Tuesday, July 08, 2014

And then there were enchilladas

When J first came to this city a little more than seven years ago, Mexican food was the great divider. Part of it of course, was a simple craving; having been a California boy for all his adult years it was natural that Mexican food would be such a part of his habits that he couldn’t quite fathom going weeks and months without it. But partly it was just another way in which he, adventurer, follower of his heart, global enthusiast and fearless romantic, would be reminded that well, Bangalore was simply not home.

And yet, was that not part of its charm? Indeed it was. In those early days, he was taken up by everything he saw and experienced because it was a long way both physically and spiritually from the pounding surf of California. Also, our story was then still being written; even though we acknowledged an all-consuming and mystical attraction to each other, we didn’t know if the legal knots presented by his foreign citizenship would be too much to fight against.

So it went. There was this girl he had his heart set on, but meanwhile each day was a fresh circus of delights in this teeming city of ours. Graceful trumpet trees would catch his eye one moment, and life-threatening traffic would sap his energy the next. He met people who asked him the most inane questions (“do you find the culture different?”) but also formed long-lasting relationships with colleagues and friends. He went to weddings and participated in our festivals. He ate Indian food…and that’s where we can now hear the sound of a metaphorical squeal of the brakes.


For however headlong J had fallen for Indian food, he would sometimes manfully struggle with South Indian fare, especially if served for breakfast. Curry leaf was an enigma to him, and he simply didn’t see what the fuss was about dosas. At times he would sigh wistfully about how he longed for a plate of simple fish tacos, or a helping of huevos rancheros instead of upma for breakfast. He did try cooking his missing favorites at home, but the longing used to crop up pretty strongly on some days.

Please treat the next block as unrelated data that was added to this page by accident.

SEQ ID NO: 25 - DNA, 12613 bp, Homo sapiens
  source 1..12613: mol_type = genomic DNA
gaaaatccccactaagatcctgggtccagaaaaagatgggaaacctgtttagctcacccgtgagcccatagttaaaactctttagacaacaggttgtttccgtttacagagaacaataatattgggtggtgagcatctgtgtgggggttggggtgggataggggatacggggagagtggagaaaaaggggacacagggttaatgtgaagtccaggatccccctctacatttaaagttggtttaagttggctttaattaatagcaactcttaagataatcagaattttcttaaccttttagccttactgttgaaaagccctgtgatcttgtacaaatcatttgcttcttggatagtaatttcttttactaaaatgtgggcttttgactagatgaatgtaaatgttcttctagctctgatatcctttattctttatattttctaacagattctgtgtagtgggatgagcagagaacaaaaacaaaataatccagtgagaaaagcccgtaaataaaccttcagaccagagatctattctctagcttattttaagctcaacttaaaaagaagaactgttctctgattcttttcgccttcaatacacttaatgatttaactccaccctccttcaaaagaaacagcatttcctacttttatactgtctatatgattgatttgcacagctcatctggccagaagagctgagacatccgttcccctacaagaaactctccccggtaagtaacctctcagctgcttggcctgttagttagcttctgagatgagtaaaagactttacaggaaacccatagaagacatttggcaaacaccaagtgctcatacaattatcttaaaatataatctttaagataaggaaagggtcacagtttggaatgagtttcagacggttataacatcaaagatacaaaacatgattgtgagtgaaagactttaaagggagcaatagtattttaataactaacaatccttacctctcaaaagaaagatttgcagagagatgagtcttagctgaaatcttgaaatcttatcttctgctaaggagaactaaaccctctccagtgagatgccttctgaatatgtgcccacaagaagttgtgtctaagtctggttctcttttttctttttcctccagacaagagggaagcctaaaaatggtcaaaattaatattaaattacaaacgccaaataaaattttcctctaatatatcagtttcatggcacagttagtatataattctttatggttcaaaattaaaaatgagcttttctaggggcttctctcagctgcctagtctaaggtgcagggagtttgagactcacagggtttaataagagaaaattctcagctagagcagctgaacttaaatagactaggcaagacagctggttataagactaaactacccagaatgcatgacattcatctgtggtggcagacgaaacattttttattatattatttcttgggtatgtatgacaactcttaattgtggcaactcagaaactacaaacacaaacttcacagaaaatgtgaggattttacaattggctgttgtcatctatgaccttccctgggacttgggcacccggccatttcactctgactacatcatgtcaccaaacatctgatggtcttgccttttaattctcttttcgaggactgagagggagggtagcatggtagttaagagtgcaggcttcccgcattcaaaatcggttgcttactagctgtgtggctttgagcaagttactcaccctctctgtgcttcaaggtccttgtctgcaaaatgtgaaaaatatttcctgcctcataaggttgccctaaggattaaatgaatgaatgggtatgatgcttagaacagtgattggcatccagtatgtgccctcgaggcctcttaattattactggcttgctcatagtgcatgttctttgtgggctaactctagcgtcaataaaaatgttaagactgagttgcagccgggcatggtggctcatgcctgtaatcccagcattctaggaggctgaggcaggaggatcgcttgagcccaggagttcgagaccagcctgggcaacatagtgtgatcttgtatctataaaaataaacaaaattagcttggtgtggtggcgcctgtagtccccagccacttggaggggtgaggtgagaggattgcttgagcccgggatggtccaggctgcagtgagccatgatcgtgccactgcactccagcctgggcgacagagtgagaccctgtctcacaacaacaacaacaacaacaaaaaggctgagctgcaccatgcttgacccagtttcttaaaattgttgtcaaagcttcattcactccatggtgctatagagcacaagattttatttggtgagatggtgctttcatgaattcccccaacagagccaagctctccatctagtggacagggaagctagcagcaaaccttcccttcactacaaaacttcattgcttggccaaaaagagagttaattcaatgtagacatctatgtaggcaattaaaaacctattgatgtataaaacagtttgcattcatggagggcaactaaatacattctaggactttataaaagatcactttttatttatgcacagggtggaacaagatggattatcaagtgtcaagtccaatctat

And in those days, Mexican restaurants were virtually non-existent here. We did some back-breaking research and meticulously tried out the few that offered some variety of Mexican, but each time poor J would pronounce himself disappointed. That plate of fish tacos stayed in his head, mocking him along with leering nachos and sneering fajitas.

But now, seven years later? The man is married to his Indian love (that would be me) and has his choice of fine establishments where they serve him whacking big helpings of whatever he can name on a Mexican menu.


The pace of change in Bangalore has been fascinating, even dizzying, in our time here. Mexican food is the tip of the iceberg, and I have the delightful position of not only being an immigrant here myself, but of seeing the city through his eyes. The adventure continues, fuelled by guacamole and curry leaf in equal measure. 

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